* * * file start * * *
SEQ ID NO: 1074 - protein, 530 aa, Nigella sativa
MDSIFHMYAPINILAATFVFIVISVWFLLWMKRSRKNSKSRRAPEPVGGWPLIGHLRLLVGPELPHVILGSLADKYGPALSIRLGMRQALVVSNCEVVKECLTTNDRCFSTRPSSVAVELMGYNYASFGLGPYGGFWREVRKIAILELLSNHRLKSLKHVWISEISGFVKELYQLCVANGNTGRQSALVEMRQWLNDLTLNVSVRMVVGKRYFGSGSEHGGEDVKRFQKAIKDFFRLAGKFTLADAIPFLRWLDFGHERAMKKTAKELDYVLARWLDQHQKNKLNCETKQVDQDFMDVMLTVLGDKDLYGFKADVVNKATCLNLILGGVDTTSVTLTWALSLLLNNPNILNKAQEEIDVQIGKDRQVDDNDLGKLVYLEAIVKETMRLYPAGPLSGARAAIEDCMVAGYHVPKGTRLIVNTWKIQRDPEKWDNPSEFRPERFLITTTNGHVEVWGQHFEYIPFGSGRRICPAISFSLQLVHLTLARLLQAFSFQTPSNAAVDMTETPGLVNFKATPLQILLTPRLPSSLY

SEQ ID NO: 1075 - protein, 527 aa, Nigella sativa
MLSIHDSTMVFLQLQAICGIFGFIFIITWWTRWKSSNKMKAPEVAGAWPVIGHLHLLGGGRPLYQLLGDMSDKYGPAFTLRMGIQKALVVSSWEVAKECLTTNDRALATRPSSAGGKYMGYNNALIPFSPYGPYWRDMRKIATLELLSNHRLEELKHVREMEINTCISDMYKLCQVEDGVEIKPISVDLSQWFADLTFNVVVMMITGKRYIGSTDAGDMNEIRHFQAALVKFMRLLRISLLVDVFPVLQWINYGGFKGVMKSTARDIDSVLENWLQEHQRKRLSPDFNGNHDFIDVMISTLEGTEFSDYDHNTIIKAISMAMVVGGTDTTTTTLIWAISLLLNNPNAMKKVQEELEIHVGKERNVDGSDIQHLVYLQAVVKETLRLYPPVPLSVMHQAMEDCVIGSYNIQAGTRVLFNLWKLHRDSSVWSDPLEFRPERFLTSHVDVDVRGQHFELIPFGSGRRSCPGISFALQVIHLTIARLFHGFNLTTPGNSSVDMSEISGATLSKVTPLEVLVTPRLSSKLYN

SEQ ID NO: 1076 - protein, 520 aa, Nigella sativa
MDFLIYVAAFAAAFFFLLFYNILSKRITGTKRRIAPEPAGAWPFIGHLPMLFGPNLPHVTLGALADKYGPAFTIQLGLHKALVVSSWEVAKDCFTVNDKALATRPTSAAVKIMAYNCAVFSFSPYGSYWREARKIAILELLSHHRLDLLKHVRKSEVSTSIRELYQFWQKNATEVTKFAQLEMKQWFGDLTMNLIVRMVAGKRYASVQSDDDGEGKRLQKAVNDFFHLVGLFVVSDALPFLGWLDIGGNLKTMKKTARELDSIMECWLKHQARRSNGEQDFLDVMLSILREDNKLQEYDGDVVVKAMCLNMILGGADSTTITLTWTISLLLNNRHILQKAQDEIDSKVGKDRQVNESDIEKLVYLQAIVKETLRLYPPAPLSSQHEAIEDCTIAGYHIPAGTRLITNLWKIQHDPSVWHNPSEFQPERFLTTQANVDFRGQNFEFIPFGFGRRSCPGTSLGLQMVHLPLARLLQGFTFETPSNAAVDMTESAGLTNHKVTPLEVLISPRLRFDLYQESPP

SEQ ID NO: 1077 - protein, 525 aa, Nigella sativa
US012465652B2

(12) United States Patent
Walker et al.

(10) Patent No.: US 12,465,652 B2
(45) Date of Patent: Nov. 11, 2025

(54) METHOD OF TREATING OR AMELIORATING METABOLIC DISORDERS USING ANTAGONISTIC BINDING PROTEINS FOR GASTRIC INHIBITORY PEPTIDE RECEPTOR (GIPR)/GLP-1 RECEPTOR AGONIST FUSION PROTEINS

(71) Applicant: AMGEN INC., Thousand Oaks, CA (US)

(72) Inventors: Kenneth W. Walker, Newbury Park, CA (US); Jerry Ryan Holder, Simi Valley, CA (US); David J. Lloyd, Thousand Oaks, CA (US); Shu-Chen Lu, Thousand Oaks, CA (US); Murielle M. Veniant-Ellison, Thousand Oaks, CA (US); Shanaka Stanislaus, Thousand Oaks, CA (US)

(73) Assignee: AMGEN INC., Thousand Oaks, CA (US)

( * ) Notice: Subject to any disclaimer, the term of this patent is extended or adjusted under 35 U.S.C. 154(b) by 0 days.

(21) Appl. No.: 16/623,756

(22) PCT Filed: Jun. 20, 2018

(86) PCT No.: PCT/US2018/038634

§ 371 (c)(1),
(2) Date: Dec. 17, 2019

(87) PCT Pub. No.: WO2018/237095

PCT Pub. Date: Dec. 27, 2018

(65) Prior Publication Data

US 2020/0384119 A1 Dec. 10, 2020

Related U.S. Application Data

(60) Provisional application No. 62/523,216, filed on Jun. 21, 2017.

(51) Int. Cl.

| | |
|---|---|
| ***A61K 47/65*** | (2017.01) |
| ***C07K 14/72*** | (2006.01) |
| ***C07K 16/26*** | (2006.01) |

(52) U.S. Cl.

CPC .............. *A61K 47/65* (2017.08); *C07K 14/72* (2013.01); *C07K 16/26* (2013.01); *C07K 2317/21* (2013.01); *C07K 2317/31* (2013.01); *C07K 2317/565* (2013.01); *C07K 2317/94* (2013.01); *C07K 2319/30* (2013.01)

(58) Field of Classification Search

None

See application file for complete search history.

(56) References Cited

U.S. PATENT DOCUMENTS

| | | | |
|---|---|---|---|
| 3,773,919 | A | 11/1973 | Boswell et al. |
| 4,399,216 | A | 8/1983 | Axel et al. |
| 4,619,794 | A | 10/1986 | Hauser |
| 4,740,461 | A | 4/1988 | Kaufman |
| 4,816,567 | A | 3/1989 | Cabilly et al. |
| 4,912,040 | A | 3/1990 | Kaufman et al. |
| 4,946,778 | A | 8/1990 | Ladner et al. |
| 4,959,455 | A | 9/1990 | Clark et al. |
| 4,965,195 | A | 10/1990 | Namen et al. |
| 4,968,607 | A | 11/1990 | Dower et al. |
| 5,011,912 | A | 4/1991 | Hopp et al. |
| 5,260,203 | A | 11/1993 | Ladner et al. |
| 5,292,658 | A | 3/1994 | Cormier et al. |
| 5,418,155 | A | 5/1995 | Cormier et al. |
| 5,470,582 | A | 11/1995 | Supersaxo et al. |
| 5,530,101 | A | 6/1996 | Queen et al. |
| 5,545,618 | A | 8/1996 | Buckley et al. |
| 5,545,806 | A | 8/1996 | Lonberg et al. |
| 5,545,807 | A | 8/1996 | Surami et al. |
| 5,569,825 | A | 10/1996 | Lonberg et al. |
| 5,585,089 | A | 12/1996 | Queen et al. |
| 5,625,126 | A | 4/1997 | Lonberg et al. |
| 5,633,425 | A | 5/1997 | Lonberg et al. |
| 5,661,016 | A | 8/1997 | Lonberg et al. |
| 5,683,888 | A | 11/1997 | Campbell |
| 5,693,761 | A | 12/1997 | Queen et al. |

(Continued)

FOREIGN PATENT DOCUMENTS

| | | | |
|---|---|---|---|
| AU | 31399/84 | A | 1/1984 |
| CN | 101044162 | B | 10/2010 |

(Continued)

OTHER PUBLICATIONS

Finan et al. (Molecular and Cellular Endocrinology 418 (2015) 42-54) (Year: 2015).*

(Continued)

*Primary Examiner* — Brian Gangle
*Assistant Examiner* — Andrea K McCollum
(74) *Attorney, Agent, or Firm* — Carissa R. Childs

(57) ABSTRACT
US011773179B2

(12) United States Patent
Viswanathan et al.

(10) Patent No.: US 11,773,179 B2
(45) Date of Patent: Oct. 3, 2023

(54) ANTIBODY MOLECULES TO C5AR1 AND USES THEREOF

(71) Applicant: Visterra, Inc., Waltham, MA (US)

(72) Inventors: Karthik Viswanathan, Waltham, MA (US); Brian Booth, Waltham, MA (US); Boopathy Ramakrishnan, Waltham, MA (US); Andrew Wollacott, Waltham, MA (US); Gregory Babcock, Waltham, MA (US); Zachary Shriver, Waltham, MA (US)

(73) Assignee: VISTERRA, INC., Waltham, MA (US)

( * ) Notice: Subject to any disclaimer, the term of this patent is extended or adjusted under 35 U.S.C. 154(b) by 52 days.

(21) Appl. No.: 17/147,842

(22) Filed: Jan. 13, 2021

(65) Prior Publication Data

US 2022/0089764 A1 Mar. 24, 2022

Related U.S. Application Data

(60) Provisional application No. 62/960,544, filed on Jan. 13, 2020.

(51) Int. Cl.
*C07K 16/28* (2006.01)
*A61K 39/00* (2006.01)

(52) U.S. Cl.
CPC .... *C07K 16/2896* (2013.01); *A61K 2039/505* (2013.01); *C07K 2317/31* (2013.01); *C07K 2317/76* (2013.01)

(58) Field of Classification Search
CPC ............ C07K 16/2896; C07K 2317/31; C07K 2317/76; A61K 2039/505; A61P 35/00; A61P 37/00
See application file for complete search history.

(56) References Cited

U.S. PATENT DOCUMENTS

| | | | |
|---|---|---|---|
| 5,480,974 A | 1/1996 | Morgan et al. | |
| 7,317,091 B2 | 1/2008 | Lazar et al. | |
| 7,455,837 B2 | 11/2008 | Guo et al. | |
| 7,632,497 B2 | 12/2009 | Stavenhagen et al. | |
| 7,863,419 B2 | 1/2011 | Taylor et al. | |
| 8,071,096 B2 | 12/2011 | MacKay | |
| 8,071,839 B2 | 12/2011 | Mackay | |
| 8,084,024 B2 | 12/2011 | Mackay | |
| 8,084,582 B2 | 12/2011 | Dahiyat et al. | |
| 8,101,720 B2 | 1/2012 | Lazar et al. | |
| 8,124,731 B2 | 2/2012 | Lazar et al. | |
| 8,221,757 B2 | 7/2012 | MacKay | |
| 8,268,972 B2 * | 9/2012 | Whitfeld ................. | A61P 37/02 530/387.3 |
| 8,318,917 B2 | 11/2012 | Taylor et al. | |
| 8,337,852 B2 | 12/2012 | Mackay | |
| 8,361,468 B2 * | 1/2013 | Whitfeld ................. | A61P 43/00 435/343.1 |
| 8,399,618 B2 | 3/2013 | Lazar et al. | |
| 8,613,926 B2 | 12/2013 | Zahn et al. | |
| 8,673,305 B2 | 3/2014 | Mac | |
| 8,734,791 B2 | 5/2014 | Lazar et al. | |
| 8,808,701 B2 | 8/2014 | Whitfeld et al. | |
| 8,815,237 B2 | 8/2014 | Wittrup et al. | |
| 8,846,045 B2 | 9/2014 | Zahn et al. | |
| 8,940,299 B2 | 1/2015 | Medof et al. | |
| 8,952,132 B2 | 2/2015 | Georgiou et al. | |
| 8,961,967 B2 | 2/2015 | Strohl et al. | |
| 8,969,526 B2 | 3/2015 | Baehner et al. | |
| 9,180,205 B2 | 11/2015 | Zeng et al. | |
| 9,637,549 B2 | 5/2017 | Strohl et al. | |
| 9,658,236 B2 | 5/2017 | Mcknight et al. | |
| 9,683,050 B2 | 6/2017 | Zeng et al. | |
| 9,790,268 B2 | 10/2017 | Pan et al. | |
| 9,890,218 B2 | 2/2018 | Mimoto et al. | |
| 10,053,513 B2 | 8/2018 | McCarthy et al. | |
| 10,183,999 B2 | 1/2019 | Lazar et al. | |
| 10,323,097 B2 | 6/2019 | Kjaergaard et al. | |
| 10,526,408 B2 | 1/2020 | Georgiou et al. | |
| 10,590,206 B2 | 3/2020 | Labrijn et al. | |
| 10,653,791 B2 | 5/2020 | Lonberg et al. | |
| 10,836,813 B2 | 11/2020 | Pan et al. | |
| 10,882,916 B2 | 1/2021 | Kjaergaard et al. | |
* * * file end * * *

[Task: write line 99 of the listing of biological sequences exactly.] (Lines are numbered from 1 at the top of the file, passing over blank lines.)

(60) Provisional application No. 62/960,544, filed on Jan. 13, 2020.